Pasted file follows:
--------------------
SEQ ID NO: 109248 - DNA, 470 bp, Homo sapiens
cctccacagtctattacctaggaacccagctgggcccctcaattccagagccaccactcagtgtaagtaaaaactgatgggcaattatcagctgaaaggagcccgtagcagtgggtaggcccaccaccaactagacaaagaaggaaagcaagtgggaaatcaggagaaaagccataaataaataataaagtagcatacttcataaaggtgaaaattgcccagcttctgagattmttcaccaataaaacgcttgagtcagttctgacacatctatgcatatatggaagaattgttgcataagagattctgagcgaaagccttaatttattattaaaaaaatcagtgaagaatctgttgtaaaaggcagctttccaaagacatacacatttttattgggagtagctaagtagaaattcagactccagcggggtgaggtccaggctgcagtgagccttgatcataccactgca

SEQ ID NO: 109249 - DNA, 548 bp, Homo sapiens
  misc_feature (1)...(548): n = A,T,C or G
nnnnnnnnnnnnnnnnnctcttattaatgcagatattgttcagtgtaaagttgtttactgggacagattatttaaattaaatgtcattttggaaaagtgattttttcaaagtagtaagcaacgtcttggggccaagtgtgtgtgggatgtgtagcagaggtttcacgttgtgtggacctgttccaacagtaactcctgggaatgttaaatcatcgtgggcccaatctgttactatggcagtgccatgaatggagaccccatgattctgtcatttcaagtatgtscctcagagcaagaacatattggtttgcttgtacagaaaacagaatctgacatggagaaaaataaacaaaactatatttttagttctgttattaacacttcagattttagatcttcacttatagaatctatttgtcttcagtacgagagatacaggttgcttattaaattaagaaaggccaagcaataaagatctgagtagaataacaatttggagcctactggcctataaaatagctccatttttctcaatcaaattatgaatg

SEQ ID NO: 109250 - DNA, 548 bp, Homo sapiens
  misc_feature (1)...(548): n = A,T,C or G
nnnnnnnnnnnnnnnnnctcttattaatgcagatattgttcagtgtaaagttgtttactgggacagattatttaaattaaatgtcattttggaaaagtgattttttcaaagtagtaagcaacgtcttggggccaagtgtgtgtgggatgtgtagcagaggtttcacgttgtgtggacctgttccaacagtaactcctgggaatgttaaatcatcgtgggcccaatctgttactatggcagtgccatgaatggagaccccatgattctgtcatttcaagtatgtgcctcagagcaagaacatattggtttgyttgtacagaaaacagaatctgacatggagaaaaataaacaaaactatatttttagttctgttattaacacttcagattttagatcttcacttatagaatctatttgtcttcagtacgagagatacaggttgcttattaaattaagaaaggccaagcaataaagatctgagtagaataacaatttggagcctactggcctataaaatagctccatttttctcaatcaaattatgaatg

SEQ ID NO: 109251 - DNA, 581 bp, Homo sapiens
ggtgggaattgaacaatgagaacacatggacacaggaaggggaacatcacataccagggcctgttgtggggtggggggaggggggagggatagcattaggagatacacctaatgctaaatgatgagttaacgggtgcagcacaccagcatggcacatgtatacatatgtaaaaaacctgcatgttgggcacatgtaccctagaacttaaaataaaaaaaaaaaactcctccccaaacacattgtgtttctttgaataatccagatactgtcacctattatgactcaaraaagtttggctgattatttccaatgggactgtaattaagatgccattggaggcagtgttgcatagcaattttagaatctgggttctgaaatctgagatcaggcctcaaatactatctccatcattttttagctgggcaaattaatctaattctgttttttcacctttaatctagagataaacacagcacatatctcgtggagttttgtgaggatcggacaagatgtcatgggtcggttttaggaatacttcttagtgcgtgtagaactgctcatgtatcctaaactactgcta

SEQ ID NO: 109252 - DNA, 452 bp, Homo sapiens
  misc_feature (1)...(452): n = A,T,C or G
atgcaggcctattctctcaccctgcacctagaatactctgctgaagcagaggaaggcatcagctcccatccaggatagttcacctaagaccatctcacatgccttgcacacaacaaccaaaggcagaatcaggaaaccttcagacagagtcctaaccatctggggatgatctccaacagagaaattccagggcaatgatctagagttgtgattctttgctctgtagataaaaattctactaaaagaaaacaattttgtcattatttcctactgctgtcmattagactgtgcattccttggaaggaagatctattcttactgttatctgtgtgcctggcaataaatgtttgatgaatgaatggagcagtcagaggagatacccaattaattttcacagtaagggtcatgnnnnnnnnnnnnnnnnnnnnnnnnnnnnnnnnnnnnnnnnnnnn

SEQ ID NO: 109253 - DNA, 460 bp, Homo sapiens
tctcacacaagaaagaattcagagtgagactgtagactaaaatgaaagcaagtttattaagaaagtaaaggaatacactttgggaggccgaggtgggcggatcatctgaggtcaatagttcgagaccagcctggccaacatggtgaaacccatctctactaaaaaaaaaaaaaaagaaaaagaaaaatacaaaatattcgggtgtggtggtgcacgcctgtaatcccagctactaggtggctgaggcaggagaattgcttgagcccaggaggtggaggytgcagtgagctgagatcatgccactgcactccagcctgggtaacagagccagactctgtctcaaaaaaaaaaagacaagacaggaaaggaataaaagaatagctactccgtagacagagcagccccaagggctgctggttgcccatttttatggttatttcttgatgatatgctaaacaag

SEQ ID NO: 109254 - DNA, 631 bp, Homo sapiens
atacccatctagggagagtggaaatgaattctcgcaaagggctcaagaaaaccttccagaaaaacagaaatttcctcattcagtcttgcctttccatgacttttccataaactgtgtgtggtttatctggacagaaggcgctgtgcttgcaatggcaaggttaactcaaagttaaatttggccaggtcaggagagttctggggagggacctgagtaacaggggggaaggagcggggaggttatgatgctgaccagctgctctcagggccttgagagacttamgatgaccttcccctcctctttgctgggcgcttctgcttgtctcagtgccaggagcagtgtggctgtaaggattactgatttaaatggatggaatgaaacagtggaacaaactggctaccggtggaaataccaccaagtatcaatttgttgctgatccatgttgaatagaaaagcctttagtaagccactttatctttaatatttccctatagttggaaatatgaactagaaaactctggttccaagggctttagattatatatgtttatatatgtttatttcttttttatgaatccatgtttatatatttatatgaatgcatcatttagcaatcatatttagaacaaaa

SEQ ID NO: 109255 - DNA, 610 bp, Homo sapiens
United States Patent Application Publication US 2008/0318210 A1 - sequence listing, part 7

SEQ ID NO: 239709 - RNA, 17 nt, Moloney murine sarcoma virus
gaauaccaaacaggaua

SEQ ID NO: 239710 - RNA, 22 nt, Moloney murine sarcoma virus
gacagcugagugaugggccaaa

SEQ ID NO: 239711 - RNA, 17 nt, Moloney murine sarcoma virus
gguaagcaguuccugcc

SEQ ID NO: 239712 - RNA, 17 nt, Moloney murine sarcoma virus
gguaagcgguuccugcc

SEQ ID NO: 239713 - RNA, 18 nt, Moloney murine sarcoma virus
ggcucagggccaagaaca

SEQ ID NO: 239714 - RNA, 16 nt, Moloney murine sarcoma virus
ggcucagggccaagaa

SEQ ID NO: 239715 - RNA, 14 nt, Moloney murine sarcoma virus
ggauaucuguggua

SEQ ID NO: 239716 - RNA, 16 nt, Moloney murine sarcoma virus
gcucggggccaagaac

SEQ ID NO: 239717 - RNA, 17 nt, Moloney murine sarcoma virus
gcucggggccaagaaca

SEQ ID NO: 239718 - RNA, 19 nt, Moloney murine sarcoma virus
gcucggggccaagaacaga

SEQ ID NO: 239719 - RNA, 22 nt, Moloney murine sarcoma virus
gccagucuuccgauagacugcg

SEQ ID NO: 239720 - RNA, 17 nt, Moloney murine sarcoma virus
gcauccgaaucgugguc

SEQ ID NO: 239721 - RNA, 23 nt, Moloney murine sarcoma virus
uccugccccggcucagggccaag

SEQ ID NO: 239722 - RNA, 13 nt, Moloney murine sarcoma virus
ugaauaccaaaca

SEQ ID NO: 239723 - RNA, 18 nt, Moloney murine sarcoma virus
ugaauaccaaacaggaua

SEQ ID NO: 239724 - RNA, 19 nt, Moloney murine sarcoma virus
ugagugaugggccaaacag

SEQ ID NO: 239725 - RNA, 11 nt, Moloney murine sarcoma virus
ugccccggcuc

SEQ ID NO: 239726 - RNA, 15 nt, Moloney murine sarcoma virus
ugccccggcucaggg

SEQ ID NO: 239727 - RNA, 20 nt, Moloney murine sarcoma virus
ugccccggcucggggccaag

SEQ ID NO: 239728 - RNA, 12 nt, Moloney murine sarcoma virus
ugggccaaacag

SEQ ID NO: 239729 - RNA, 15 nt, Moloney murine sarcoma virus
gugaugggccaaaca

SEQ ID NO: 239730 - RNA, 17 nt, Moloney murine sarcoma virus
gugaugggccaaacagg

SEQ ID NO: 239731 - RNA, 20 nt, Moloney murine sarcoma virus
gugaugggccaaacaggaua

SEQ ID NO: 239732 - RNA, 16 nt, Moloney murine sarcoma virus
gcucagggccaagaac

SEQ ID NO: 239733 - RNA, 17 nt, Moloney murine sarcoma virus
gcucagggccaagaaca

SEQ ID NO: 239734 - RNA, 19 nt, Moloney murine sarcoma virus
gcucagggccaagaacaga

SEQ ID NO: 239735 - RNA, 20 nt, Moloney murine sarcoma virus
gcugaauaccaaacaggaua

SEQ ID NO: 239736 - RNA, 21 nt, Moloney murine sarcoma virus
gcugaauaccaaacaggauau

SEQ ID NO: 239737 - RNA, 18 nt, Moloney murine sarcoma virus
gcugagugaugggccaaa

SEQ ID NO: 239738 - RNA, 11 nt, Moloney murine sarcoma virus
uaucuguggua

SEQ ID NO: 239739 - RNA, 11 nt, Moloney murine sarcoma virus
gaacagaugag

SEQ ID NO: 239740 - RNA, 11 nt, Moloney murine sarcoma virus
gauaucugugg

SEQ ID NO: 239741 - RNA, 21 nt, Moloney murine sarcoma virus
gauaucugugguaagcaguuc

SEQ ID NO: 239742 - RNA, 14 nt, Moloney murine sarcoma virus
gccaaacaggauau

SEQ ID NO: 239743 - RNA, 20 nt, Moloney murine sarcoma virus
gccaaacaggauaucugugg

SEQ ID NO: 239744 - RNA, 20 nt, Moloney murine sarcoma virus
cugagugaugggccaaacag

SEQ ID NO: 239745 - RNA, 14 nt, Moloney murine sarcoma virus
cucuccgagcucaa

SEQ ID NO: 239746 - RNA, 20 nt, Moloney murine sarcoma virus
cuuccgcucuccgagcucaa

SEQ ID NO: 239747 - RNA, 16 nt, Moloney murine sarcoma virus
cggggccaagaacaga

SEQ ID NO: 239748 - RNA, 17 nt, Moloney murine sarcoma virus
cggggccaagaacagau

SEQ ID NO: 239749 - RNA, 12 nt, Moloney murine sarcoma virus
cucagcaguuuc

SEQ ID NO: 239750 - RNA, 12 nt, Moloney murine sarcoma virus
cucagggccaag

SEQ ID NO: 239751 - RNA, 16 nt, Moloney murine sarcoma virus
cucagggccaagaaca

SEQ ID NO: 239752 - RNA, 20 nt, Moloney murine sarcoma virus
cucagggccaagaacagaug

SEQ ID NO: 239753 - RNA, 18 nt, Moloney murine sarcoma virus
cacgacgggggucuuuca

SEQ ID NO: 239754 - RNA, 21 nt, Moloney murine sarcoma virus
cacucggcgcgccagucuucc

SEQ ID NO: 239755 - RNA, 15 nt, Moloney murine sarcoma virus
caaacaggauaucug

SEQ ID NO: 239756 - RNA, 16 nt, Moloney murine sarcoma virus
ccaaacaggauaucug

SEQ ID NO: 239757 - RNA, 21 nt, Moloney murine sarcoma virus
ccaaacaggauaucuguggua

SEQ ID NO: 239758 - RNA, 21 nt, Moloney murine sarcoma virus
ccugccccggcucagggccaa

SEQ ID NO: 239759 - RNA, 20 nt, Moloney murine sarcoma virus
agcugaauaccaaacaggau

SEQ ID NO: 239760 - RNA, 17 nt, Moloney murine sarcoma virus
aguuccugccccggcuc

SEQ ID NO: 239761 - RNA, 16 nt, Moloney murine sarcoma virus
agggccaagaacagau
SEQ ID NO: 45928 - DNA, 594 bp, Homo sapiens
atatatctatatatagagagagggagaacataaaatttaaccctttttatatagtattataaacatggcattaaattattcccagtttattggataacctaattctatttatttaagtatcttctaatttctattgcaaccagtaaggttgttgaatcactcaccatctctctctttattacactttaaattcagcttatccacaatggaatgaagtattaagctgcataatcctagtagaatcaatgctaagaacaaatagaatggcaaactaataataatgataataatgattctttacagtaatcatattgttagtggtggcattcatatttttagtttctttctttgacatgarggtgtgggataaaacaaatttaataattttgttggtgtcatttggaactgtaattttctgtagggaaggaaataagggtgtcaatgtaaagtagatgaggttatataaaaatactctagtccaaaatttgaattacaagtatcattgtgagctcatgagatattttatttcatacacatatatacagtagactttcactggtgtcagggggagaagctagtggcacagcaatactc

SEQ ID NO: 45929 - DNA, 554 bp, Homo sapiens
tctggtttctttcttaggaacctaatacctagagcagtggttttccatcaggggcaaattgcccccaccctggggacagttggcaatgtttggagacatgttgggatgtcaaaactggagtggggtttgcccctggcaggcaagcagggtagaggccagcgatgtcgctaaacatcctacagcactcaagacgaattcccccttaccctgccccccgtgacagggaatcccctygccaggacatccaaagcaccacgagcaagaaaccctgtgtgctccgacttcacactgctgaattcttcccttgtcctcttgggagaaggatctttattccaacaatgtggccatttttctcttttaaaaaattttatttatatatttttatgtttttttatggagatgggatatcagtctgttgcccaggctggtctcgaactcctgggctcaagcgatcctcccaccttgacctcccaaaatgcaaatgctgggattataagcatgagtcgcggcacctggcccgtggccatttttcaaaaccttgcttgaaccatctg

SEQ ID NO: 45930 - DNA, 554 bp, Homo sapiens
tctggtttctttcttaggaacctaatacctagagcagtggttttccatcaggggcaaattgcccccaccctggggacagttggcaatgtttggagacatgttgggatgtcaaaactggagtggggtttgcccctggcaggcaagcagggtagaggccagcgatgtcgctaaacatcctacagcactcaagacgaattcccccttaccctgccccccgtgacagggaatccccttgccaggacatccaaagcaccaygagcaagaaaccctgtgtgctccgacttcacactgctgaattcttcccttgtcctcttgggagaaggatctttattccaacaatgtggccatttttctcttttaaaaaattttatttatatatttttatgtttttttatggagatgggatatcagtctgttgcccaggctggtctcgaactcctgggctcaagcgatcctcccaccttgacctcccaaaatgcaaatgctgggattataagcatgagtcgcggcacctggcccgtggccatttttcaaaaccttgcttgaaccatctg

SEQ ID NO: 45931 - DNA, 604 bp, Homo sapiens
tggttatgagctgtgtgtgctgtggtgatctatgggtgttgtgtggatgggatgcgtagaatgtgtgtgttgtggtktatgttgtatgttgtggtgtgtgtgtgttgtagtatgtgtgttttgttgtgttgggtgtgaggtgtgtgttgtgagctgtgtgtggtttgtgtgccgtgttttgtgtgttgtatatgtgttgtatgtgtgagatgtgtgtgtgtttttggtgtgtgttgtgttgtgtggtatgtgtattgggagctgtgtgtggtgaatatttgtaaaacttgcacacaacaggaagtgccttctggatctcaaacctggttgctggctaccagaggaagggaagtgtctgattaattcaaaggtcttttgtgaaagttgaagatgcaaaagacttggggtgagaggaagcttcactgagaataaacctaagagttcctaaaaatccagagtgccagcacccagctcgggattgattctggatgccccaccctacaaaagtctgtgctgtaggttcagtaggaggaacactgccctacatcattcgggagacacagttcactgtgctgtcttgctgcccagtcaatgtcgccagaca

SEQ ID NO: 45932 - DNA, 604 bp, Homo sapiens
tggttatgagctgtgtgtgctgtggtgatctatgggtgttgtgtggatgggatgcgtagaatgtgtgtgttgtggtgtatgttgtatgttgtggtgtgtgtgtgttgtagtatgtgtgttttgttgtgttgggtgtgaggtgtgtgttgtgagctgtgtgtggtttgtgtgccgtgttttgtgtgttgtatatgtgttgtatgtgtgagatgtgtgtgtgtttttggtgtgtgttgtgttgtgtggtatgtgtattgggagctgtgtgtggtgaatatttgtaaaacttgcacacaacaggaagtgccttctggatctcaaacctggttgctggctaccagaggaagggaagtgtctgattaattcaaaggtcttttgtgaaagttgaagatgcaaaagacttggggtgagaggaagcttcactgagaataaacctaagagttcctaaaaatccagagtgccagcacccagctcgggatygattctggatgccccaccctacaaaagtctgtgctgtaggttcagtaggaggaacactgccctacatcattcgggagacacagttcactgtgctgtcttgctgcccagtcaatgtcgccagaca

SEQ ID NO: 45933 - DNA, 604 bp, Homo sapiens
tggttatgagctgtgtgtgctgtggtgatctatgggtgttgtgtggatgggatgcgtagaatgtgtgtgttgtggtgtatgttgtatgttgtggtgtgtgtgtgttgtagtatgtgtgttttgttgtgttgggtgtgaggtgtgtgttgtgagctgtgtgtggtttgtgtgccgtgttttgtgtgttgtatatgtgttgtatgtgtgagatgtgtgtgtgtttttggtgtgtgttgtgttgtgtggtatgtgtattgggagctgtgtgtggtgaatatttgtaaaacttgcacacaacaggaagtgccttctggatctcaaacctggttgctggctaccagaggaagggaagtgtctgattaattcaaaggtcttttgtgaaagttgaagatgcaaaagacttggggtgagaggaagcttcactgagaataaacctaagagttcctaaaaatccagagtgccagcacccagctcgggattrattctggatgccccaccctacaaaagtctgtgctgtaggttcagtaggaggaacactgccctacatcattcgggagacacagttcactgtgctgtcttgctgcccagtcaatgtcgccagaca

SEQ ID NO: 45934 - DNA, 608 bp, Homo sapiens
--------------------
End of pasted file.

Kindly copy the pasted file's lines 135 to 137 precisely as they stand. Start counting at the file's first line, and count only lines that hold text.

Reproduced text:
tggttatgagctgtgtgtgctgtggtgatctatgggtgttgtgtggatgggatgcgtagaatgtgtgtgttgtggtgtatgttgtatgttgtggtgtgtgtgtgttgtagtatgtgtgttttgttgtgttgggtgtgaggtgtgtgttgtgagctgtgtgtggtttgtgtgccgtgttttgtgtgttgtatatgtgttgtatgtgtgagatgtgtgtgtgtttttggtgtgtgttgtgttgtgtggtatgtgtattgggagctgtgtgtggtgaatatttgtaaaacttgcacacaacaggaagtgccttctggatctcaaacctggttgctggctaccagaggaagggaagtgtctgattaattcaaaggtcttttgtgaaagttgaagatgcaaaagacttggggtgagaggaagcttcactgagaataaacctaagagttcctaaaaatccagagtgccagcacccagctcgggatygattctggatgccccaccctacaaaagtctgtgctgtaggttcagtaggaggaacactgccctacatcattcgggagacacagttcactgtgctgtcttgctgcccagtcaatgtcgccagaca

SEQ ID NO: 45933 - DNA, 604 bp, Homo sapiens
tggttatgagctgtgtgtgctgtggtgatctatgggtgttgtgtggatgggatgcgtagaatgtgtgtgttgtggtgtatgttgtatgttgtggtgtgtgtgtgttgtagtatgtgtgttttgttgtgttgggtgtgaggtgtgtgttgtgagctgtgtgtggtttgtgtgccgtgttttgtgtgttgtatatgtgttgtatgtgtgagatgtgtgtgtgtttttggtgtgtgttgtgttgtgtggtatgtgtattgggagctgtgtgtggtgaatatttgtaaaacttgcacacaacaggaagtgccttctggatctcaaacctggttgctggctaccagaggaagggaagtgtctgattaattcaaaggtcttttgtgaaagttgaagatgcaaaagacttggggtgagaggaagcttcactgagaataaacctaagagttcctaaaaatccagagtgccagcacccagctcgggattrattctggatgccccaccctacaaaagtctgtgctgtaggttcagtaggaggaacactgccctacatcattcgggagacacagttcactgtgctgtcttgctgcccagtcaatgtcgccagaca